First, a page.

Nokia is pledging to halve the standby energy used by its mobile phone chargers as part of a new environmental push.
The world’s biggest handset manufacturer also says it will use green electricity to power 50% of its buildings by 2010 and reduce the overall energy used at its sites by 6% by 2012.
The initiatives, part of Nokia’s existing climate change strategy, follow the company’s decision to join the WWF “Climate Savers” programme.
WWF International director-general James Leape says: “When a global brand with a high consumer profile gets on board with enthusiastic climate action, it reinforces the message that we need to act globally and quickly on climate change.”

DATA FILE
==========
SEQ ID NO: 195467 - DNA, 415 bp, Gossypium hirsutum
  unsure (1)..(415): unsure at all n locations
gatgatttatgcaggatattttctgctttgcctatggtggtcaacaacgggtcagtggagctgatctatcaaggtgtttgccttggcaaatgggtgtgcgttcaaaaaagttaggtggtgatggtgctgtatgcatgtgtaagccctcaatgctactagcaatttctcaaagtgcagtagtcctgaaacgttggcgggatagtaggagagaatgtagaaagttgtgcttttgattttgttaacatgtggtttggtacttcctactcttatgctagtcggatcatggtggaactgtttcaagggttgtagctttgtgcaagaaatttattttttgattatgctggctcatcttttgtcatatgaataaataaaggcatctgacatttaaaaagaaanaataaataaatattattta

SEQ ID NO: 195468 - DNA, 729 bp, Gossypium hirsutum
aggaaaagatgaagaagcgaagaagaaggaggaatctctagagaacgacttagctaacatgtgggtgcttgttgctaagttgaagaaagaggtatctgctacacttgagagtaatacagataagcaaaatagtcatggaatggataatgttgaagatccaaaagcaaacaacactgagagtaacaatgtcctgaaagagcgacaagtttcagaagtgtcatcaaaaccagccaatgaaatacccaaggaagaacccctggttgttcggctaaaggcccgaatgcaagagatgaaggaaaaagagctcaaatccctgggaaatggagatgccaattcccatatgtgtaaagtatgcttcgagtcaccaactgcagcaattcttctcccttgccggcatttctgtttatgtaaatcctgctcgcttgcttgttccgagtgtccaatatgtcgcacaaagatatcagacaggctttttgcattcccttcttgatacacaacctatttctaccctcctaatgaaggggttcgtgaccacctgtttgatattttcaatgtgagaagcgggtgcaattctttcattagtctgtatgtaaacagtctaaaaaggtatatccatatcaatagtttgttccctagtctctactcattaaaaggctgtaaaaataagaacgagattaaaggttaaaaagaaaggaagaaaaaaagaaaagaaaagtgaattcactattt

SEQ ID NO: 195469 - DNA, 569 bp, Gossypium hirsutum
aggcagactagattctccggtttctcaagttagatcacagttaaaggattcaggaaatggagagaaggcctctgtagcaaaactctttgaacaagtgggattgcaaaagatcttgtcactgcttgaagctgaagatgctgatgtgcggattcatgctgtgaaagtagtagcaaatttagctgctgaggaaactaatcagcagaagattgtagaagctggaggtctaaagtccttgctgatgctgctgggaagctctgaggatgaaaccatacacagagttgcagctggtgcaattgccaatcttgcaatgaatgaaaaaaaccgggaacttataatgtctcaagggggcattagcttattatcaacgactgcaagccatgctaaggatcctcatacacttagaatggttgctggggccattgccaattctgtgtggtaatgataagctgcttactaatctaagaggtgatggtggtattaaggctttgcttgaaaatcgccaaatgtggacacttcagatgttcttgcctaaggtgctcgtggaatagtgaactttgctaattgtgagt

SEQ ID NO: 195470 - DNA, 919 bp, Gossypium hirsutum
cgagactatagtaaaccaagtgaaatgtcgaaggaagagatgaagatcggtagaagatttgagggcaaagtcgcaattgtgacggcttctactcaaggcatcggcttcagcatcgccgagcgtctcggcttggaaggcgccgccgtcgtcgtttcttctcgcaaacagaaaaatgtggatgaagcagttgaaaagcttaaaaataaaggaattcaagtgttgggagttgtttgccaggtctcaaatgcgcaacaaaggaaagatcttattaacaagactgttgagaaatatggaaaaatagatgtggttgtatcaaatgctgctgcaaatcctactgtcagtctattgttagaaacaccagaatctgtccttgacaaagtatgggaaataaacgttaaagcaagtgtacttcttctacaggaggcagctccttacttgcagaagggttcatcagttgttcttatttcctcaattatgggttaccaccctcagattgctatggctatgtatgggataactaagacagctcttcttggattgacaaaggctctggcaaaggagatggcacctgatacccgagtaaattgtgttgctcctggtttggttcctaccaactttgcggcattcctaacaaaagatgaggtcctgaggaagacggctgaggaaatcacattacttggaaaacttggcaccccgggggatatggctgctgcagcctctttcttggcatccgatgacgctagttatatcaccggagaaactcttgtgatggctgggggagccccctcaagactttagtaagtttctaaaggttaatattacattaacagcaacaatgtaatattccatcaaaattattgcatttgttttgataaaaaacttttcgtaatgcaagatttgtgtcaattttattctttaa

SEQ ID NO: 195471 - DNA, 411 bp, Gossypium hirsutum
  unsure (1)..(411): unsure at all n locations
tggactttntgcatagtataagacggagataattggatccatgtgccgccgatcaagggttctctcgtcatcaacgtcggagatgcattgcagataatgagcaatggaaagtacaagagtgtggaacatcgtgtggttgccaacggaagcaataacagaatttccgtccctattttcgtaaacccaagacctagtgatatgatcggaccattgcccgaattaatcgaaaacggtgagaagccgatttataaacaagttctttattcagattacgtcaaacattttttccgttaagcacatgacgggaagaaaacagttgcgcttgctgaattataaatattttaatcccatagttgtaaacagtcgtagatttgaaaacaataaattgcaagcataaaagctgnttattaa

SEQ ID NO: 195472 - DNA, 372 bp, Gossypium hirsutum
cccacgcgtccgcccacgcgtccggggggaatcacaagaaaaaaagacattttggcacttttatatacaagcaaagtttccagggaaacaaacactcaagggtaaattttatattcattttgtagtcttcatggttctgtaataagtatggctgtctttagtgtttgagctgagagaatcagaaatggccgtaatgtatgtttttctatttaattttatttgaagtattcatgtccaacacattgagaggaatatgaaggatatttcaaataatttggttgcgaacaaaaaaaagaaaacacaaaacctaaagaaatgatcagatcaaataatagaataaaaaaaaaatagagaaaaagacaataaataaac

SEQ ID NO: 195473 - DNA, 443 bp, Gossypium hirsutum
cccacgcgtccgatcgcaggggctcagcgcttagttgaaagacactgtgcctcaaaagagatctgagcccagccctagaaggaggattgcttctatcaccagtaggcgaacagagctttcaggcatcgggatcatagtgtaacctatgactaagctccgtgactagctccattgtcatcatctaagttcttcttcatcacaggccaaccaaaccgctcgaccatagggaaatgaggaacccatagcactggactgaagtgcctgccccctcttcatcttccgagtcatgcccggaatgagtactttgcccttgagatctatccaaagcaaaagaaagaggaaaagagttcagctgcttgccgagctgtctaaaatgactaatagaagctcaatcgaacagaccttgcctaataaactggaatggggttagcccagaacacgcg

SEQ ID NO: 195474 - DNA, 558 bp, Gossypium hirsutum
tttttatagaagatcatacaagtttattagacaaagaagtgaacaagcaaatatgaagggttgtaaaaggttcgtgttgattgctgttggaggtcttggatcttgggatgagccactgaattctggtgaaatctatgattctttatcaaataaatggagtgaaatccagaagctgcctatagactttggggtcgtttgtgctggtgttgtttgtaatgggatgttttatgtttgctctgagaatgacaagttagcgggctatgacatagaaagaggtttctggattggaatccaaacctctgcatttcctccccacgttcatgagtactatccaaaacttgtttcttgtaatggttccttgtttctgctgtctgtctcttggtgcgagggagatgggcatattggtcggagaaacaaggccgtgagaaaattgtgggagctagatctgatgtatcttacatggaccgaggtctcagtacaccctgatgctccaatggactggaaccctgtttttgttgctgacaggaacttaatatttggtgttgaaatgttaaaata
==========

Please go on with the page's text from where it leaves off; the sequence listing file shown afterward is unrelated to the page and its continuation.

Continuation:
Nokia says about two-thirds of the energy consumed by a mobile phone during its use is lost when it is fully charged and unplugged but the charger is left connected to the mains – known as “no-load” mode. The company adds that over the past nine years it has reduced the average no-load energy used by its chargers by more than 50%. It aims to reduce the no-load power consumption by another 50% by the end of 2010.
Nokia vice-president of environmental affairs Kirsi Sormunen adds: “This is not about grand gestures but everyday things that when multiplied by the scale of our operations, or the 900 million people using Nokia devices globally, can have a major impact.”